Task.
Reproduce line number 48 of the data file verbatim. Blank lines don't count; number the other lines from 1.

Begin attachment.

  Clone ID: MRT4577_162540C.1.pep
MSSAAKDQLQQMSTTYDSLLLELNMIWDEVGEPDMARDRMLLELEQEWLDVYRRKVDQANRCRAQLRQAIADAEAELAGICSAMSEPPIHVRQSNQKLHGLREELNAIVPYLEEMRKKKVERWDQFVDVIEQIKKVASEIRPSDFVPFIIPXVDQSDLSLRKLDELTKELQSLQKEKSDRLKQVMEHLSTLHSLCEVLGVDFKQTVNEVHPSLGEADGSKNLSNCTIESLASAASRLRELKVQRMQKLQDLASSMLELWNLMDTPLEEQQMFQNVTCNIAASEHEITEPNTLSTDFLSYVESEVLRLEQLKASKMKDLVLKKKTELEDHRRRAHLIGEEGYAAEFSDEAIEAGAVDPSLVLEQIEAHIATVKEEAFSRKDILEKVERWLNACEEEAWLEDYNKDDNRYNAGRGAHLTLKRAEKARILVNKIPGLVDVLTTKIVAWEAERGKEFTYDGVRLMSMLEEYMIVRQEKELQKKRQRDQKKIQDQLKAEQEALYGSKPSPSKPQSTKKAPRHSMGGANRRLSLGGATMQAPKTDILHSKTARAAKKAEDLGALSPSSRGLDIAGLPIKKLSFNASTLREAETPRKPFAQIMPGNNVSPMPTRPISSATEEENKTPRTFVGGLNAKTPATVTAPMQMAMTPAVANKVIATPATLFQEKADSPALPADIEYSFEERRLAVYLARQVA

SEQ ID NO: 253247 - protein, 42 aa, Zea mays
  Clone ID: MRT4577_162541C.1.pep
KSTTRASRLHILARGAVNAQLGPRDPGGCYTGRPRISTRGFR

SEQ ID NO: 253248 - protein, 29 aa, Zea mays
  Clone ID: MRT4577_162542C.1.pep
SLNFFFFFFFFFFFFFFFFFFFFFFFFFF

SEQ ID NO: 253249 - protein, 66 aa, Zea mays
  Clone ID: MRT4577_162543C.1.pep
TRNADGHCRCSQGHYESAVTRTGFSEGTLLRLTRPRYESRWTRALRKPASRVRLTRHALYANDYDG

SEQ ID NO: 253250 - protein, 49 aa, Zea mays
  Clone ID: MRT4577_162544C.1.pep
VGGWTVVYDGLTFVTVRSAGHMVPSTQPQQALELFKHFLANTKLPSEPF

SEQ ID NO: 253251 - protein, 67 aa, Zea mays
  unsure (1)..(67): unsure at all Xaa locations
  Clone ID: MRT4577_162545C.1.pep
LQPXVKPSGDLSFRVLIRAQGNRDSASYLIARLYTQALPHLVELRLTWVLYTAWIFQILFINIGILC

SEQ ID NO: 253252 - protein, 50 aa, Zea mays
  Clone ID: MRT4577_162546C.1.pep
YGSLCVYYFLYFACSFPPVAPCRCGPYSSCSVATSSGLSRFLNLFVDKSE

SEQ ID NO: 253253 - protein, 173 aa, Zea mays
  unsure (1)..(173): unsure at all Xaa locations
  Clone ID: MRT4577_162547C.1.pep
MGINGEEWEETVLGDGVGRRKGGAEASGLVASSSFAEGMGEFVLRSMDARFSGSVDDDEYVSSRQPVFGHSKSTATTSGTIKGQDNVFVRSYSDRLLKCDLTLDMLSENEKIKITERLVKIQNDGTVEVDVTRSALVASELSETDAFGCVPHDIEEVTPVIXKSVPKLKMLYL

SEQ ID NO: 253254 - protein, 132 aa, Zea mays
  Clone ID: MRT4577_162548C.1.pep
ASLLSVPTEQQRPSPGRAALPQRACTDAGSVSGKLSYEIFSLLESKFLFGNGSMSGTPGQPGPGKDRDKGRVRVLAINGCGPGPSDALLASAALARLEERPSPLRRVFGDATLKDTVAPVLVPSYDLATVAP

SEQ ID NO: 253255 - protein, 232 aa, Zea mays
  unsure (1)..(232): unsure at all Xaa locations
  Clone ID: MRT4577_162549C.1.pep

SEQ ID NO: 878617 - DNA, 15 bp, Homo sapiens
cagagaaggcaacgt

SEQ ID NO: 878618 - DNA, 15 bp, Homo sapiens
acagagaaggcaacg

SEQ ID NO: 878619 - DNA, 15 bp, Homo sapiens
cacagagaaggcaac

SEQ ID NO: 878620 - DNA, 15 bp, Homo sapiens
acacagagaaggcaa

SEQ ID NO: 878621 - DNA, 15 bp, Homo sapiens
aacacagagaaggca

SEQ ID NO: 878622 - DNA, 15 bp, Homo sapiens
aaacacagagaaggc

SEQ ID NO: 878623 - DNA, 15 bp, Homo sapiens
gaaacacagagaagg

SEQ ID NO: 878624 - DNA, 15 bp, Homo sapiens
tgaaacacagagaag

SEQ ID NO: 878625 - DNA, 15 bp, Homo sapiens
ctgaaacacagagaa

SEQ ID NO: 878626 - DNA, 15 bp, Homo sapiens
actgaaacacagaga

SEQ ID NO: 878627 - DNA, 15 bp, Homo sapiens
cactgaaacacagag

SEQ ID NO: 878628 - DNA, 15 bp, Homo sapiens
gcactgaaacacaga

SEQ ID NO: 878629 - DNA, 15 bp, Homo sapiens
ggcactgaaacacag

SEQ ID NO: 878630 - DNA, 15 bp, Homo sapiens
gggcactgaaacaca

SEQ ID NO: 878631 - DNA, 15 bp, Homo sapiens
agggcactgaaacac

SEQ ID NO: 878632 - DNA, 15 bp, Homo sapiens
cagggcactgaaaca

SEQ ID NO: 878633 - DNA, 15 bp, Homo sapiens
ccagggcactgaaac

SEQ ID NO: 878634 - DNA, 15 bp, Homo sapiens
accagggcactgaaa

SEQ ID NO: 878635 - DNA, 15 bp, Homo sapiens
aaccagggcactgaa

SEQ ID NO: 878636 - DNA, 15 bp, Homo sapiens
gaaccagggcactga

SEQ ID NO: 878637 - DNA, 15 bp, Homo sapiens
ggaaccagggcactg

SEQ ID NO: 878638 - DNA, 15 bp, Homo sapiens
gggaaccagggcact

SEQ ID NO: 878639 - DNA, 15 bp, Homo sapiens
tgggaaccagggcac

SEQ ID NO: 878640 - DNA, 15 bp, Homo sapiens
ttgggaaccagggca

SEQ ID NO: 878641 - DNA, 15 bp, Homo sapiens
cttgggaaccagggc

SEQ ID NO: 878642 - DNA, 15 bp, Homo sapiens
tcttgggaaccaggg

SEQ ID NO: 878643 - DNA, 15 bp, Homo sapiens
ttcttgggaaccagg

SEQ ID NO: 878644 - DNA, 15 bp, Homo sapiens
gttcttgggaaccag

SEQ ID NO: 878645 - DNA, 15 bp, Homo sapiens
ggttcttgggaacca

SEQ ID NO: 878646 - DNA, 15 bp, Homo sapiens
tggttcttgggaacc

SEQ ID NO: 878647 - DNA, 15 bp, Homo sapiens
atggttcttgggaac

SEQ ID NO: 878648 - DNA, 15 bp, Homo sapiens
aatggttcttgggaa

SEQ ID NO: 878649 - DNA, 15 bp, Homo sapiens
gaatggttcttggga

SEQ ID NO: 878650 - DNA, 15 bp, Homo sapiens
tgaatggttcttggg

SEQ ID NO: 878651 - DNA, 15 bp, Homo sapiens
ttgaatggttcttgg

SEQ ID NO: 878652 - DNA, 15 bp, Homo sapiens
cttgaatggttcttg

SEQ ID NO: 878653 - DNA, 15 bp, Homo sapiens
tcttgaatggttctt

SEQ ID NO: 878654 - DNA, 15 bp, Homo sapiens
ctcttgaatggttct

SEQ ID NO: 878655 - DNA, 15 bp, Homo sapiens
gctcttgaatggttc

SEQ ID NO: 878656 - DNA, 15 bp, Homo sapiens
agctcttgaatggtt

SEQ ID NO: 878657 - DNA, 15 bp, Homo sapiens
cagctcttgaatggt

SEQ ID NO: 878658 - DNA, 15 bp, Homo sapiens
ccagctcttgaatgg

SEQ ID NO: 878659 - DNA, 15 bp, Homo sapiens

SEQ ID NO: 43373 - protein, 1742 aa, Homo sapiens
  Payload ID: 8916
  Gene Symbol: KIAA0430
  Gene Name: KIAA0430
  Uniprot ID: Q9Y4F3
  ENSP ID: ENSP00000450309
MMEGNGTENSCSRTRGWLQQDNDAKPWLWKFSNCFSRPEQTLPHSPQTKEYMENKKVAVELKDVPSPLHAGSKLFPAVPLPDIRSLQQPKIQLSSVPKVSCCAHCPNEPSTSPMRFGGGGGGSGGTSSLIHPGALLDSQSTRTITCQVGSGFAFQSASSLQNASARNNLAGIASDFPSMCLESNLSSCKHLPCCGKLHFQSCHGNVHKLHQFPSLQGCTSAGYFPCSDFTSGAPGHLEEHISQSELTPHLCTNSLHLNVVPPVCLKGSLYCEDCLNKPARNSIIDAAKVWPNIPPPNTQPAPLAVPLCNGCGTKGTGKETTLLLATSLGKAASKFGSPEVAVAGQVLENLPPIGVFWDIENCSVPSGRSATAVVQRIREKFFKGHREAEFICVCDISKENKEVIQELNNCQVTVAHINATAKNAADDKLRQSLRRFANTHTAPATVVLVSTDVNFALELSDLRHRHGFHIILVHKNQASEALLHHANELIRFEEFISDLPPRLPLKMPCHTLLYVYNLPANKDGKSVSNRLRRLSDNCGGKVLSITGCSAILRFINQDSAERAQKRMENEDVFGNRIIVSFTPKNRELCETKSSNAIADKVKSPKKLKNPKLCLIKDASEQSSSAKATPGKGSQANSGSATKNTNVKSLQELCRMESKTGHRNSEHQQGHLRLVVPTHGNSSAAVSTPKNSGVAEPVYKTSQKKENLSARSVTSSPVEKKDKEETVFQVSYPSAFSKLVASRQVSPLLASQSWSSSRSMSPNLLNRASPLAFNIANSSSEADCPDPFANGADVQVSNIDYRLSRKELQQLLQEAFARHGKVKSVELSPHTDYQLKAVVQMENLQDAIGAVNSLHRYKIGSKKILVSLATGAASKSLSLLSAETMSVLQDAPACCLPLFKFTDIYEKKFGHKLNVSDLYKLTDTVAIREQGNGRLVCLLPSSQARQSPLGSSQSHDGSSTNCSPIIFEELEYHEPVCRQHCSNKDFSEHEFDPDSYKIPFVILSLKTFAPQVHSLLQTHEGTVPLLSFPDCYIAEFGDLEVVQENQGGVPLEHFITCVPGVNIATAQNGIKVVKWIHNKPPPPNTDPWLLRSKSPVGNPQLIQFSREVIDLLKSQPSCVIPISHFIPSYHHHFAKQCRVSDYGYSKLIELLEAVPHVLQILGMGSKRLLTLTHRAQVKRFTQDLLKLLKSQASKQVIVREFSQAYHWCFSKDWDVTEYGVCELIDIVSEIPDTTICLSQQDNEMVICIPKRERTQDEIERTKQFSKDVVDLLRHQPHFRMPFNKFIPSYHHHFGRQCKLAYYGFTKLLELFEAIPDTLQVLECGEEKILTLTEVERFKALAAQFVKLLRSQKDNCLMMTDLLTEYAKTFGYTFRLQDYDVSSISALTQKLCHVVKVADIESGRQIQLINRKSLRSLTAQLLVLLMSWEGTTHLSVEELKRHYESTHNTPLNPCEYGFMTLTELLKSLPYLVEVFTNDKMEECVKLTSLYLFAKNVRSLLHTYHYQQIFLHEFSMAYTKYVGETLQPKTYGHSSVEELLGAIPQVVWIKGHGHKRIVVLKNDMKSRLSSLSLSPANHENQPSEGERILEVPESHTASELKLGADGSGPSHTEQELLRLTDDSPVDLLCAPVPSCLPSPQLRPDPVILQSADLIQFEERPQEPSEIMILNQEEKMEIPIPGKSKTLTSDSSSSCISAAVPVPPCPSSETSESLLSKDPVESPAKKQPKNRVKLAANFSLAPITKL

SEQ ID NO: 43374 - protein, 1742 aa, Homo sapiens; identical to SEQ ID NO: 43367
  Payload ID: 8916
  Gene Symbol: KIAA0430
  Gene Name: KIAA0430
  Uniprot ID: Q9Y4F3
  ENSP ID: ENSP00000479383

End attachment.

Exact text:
SEQ ID NO: 878625 - DNA, 15 bp, Homo sapiens